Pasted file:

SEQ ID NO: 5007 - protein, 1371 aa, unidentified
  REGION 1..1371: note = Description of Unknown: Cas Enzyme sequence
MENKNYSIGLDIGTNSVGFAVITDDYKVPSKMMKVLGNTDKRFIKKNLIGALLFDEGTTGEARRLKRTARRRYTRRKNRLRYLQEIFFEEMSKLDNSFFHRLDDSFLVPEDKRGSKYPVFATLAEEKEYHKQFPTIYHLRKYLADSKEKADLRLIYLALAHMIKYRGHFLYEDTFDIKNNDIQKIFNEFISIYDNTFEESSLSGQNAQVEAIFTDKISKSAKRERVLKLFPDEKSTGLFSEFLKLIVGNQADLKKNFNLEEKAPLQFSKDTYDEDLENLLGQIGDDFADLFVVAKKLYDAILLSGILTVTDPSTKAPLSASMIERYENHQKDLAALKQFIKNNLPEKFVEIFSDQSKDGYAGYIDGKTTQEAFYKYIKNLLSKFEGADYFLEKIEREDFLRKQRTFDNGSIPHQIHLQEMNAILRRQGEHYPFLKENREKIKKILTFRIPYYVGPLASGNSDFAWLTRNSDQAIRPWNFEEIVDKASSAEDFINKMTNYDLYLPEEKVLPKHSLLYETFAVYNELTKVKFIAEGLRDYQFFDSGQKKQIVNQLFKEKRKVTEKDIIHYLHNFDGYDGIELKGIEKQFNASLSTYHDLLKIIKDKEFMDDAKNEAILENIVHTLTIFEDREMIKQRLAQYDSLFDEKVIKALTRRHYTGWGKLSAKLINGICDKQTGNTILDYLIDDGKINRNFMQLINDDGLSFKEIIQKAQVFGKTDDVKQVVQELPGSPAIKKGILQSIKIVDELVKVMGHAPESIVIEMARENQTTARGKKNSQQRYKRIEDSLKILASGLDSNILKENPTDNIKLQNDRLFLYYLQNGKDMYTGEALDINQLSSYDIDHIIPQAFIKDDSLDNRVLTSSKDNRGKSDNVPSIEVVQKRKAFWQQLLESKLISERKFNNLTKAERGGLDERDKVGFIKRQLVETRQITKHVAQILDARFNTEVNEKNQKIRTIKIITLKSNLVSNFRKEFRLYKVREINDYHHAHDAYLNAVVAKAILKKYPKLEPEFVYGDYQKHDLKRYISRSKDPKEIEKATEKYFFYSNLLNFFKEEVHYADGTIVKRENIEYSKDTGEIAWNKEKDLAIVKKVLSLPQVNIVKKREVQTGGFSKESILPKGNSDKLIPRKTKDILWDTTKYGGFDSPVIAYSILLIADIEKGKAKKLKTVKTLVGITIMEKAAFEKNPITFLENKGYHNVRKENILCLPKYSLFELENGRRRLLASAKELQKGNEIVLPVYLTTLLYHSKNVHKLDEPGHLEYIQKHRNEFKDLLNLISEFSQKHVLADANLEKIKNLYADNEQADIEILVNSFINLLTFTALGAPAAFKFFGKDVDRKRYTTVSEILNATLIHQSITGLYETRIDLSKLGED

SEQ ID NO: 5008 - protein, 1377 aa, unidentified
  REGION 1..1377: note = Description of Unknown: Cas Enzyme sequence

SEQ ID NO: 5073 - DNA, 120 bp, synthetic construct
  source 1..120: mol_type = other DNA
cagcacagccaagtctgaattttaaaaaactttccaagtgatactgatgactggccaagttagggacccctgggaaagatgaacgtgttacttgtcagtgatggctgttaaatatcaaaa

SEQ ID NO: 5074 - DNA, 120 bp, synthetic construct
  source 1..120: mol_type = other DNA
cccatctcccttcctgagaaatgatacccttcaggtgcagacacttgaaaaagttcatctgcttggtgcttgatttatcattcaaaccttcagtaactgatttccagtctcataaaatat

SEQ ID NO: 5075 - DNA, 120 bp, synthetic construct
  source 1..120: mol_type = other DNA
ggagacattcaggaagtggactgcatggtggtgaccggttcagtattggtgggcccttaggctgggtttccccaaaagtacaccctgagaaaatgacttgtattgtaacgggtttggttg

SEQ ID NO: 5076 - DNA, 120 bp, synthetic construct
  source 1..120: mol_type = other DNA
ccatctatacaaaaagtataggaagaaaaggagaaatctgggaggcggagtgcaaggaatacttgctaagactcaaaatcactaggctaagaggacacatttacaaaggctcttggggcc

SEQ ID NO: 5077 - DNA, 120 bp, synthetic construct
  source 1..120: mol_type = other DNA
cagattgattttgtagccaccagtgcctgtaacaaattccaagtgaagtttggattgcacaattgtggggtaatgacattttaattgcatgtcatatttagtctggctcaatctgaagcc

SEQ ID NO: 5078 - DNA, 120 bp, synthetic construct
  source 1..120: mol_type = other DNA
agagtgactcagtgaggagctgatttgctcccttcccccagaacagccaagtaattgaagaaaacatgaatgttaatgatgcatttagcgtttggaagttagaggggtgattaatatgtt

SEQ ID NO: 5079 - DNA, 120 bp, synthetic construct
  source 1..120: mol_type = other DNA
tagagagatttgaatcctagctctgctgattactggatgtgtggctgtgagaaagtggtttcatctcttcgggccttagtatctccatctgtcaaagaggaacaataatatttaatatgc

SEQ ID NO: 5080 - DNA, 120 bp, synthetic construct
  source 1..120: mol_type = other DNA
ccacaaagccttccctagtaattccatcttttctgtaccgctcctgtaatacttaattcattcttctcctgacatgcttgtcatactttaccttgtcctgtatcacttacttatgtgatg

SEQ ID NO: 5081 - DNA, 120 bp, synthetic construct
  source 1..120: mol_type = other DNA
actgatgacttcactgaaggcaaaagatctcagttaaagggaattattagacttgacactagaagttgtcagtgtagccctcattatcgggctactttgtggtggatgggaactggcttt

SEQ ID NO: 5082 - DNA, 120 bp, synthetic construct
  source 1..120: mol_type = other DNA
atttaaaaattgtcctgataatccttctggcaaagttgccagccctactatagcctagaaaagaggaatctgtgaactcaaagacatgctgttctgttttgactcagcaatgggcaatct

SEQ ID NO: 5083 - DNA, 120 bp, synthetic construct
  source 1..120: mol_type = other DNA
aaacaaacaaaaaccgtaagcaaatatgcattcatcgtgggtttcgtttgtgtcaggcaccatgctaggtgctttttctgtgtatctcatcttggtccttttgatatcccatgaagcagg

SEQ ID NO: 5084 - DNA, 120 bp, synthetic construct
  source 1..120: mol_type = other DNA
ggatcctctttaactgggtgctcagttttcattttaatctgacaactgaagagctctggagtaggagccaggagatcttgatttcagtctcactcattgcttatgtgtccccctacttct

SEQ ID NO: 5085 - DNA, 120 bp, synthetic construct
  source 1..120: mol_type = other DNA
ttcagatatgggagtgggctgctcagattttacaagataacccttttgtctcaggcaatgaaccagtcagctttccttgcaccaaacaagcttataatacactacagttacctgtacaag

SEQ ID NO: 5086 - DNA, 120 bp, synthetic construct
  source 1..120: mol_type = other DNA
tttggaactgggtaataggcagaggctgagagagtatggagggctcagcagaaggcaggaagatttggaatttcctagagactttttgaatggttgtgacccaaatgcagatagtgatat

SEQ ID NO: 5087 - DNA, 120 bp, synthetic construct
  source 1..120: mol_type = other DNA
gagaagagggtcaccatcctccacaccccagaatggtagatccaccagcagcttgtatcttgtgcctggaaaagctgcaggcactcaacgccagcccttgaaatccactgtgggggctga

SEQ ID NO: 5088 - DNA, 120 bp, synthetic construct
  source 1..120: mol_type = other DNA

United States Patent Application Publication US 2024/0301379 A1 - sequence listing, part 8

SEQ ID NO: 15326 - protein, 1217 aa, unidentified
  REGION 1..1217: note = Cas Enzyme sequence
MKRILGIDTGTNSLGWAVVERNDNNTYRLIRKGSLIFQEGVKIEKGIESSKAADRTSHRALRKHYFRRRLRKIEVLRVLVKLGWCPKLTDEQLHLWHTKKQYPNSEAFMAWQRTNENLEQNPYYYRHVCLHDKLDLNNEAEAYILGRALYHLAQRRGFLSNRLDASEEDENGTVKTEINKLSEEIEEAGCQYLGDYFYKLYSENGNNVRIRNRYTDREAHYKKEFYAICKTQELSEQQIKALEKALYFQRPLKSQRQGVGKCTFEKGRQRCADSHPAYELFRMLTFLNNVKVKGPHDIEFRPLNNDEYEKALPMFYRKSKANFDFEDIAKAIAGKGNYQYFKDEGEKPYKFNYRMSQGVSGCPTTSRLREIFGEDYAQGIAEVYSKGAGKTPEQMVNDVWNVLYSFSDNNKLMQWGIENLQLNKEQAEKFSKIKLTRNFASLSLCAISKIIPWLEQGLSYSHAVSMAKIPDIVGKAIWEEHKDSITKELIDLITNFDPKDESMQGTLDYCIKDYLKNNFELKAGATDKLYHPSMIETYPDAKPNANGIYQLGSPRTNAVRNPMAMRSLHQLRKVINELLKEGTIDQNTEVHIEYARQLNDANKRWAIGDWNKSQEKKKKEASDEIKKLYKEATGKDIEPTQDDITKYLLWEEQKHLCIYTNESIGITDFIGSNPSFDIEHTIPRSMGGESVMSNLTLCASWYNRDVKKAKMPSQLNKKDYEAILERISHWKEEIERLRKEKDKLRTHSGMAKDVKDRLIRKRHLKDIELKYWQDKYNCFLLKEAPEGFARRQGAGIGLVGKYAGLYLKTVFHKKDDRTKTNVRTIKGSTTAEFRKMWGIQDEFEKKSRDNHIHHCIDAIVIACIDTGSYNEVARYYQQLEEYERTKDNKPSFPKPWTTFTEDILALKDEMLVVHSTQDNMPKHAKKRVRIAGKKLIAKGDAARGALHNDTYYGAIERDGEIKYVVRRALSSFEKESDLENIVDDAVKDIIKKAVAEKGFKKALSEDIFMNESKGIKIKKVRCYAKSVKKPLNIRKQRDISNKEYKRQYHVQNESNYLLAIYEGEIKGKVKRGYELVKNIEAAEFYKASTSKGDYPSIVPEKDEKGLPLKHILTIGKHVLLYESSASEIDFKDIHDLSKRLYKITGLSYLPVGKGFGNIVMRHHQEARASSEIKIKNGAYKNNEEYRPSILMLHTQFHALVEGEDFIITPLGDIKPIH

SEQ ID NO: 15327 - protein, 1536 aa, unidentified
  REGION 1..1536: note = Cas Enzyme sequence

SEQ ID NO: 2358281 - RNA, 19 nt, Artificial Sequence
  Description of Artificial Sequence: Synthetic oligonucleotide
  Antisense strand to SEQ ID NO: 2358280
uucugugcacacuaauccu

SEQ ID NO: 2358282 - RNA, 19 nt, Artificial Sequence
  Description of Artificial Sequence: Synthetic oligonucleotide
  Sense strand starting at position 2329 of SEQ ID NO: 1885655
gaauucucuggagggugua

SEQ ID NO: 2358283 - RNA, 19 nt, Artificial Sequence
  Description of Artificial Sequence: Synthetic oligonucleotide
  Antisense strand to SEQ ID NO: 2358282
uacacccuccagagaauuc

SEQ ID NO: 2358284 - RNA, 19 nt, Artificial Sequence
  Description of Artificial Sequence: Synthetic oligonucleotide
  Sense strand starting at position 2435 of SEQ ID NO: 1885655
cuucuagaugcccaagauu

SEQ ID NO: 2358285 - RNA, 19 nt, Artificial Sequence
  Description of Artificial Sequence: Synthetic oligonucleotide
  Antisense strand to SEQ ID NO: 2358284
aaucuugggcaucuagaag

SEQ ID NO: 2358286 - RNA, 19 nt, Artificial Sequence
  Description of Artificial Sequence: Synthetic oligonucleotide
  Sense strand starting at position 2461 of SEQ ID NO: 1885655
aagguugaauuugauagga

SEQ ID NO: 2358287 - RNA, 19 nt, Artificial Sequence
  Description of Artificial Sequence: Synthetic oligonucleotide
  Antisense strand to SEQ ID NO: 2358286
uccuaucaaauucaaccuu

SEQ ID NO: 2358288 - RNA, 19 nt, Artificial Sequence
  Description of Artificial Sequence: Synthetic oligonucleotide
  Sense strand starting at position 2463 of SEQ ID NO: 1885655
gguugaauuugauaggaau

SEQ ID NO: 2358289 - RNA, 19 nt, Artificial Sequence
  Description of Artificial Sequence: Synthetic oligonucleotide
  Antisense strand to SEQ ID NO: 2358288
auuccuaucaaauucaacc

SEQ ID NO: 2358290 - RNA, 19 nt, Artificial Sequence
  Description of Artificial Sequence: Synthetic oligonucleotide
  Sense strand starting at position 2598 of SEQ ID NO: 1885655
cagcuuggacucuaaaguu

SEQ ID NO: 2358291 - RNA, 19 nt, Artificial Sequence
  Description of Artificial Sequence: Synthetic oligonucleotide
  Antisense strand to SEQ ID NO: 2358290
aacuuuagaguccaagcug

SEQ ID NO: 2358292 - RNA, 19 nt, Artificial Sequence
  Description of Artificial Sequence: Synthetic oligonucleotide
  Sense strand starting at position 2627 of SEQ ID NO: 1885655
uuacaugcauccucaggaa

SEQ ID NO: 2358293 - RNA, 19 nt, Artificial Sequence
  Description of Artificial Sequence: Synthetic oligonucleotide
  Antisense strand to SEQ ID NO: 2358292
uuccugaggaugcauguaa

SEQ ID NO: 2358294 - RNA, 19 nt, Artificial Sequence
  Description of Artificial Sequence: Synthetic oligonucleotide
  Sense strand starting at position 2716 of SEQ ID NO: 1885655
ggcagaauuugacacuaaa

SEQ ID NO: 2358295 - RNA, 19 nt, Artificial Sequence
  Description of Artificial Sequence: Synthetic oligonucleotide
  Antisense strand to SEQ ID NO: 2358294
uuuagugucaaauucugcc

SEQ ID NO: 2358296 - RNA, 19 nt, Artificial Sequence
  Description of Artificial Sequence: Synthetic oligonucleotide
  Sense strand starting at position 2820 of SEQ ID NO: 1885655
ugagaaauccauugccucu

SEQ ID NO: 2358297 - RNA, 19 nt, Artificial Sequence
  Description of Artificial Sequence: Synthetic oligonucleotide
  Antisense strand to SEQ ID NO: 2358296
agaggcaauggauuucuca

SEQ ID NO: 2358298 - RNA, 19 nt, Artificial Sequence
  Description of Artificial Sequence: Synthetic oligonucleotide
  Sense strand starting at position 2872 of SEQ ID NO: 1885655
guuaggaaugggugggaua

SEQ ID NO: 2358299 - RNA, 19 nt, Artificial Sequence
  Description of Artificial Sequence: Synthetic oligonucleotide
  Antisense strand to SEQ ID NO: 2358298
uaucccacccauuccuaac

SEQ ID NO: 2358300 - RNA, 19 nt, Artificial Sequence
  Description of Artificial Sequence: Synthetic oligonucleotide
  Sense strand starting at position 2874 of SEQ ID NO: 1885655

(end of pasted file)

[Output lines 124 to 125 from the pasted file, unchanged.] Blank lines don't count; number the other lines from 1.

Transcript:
  Description of Artificial Sequence: Synthetic oligonucleotide
  Antisense strand to SEQ ID NO: 2358296